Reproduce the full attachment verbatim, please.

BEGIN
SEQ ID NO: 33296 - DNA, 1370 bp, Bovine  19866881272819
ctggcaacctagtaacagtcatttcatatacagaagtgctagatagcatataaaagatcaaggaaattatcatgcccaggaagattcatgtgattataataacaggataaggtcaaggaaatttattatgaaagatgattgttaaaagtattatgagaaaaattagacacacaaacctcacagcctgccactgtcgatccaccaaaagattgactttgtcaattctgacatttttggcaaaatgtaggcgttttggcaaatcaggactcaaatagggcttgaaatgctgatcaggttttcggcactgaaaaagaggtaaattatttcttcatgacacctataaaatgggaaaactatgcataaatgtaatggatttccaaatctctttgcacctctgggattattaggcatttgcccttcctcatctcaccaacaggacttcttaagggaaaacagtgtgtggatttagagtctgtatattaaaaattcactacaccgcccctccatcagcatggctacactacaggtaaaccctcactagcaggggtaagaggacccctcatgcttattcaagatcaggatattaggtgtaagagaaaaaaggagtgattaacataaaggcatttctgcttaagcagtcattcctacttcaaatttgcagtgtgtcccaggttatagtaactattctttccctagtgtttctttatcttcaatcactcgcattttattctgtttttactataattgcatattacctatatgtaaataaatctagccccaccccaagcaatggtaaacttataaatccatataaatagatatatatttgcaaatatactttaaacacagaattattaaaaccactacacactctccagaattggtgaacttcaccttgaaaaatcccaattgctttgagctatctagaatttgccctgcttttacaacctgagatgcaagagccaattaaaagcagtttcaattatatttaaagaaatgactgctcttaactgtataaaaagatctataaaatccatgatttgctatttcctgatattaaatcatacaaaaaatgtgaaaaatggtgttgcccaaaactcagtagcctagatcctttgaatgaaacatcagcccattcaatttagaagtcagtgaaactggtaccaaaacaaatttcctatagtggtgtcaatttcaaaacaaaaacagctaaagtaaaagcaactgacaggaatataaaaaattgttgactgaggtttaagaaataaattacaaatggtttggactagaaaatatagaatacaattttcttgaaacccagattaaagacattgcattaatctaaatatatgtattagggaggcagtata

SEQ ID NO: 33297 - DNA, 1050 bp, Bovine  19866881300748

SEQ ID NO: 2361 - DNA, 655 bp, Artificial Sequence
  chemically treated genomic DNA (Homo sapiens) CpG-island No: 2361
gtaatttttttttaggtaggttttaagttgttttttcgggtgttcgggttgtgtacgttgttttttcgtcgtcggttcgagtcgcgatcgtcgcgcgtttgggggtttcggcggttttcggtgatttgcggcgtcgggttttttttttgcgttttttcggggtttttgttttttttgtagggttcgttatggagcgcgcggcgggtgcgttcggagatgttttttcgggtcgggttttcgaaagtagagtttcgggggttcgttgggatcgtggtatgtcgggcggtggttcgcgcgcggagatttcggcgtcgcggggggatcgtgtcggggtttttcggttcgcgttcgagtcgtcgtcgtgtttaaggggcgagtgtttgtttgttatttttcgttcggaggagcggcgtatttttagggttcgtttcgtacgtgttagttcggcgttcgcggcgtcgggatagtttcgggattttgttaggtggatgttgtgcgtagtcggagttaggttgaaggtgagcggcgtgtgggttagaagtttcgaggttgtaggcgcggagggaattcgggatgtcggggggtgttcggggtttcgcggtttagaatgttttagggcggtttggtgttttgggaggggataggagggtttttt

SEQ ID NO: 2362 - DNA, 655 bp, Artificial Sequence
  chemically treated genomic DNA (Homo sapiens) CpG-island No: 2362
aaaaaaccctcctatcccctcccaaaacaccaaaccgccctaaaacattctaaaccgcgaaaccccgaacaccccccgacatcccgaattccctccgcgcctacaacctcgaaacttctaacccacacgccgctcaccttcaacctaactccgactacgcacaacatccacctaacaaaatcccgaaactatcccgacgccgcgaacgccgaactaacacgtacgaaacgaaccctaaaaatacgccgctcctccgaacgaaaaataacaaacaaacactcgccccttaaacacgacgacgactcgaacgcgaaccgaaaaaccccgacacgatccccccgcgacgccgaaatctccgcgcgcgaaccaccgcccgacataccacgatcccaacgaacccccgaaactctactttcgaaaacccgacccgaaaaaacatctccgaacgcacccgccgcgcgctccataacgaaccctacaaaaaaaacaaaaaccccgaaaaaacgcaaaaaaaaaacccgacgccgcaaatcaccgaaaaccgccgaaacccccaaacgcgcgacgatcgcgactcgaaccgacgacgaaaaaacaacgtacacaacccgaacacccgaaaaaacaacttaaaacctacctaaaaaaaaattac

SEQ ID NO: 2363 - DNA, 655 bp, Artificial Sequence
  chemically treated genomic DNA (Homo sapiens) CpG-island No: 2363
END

SEQ ID NO: 33296 - DNA, 1370 bp, Bovine  19866881272819
ctggcaacctagtaacagtcatttcatatacagaagtgctagatagcatataaaagatcaaggaaattatcatgcccaggaagattcatgtgattataataacaggataaggtcaaggaaatttattatgaaagatgattgttaaaagtattatgagaaaaattagacacacaaacctcacagcctgccactgtcgatccaccaaaagattgactttgtcaattctgacatttttggcaaaatgtaggcgttttggcaaatcaggactcaaatagggcttgaaatgctgatcaggttttcggcactgaaaaagaggtaaattatttcttcatgacacctataaaatgggaaaactatgcataaatgtaatggatttccaaatctctttgcacctctgggattattaggcatttgcccttcctcatctcaccaacaggacttcttaagggaaaacagtgtgtggatttagagtctgtatattaaaaattcactacaccgcccctccatcagcatggctacactacaggtaaaccctcactagcaggggtaagaggacccctcatgcttattcaagatcaggatattaggtgtaagagaaaaaaggagtgattaacataaaggcatttctgcttaagcagtcattcctacttcaaatttgcagtgtgtcccaggttatagtaactattctttccctagtgtttctttatcttcaatcactcgcattttattctgtttttactataattgcatattacctatatgtaaataaatctagccccaccccaagcaatggtaaacttataaatccatataaatagatatatatttgcaaatatactttaaacacagaattattaaaaccactacacactctccagaattggtgaacttcaccttgaaaaatcccaattgctttgagctatctagaatttgccctgcttttacaacctgagatgcaagagccaattaaaagcagtttcaattatatttaaagaaatgactgctcttaactgtataaaaagatctataaaatccatgatttgctatttcctgatattaaatcatacaaaaaatgtgaaaaatggtgttgcccaaaactcagtagcctagatcctttgaatgaaacatcagcccattcaatttagaagtcagtgaaactggtaccaaaacaaatttcctatagtggtgtcaatttcaaaacaaaaacagctaaagtaaaagcaactgacaggaatataaaaaattgttgactgaggtttaagaaataaattacaaatggtttggactagaaaatatagaatacaattttcttgaaacccagattaaagacattgcattaatctaaatatatgtattagggaggcagtata

SEQ ID NO: 33297 - DNA, 1050 bp, Bovine  19866881300748

SEQ ID NO: 2361 - DNA, 655 bp, Artificial Sequence
  chemically treated genomic DNA (Homo sapiens) CpG-island No: 2361
gtaatttttttttaggtaggttttaagttgttttttcgggtgttcgggttgtgtacgttgttttttcgtcgtcggttcgagtcgcgatcgtcgcgcgtttgggggtttcggcggttttcggtgatttgcggcgtcgggttttttttttgcgttttttcggggtttttgttttttttgtagggttcgttatggagcgcgcggcgggtgcgttcggagatgttttttcgggtcgggttttcgaaagtagagtttcgggggttcgttgggatcgtggtatgtcgggcggtggttcgcgcgcggagatttcggcgtcgcggggggatcgtgtcggggtttttcggttcgcgttcgagtcgtcgtcgtgtttaaggggcgagtgtttgtttgttatttttcgttcggaggagcggcgtatttttagggttcgtttcgtacgtgttagttcggcgttcgcggcgtcgggatagtttcgggattttgttaggtggatgttgtgcgtagtcggagttaggttgaaggtgagcggcgtgtgggttagaagtttcgaggttgtaggcgcggagggaattcgggatgtcggggggtgttcggggtttcgcggtttagaatgttttagggcggtttggtgttttgggaggggataggagggtttttt

SEQ ID NO: 2362 - DNA, 655 bp, Artificial Sequence
  chemically treated genomic DNA (Homo sapiens) CpG-island No: 2362
aaaaaaccctcctatcccctcccaaaacaccaaaccgccctaaaacattctaaaccgcgaaaccccgaacaccccccgacatcccgaattccctccgcgcctacaacctcgaaacttctaacccacacgccgctcaccttcaacctaactccgactacgcacaacatccacctaacaaaatcccgaaactatcccgacgccgcgaacgccgaactaacacgtacgaaacgaaccctaaaaatacgccgctcctccgaacgaaaaataacaaacaaacactcgccccttaaacacgacgacgactcgaacgcgaaccgaaaaaccccgacacgatccccccgcgacgccgaaatctccgcgcgcgaaccaccgcccgacataccacgatcccaacgaacccccgaaactctactttcgaaaacccgacccgaaaaaacatctccgaacgcacccgccgcgcgctccataacgaaccctacaaaaaaaacaaaaaccccgaaaaaacgcaaaaaaaaaacccgacgccgcaaatcaccgaaaaccgccgaaacccccaaacgcgcgacgatcgcgactcgaaccgacgacgaaaaaacaacgtacacaacccgaacacccgaaaaaacaacttaaaacctacctaaaaaaaaattac

SEQ ID NO: 2363 - DNA, 655 bp, Artificial Sequence
  chemically treated genomic DNA (Homo sapiens) CpG-island No: 2363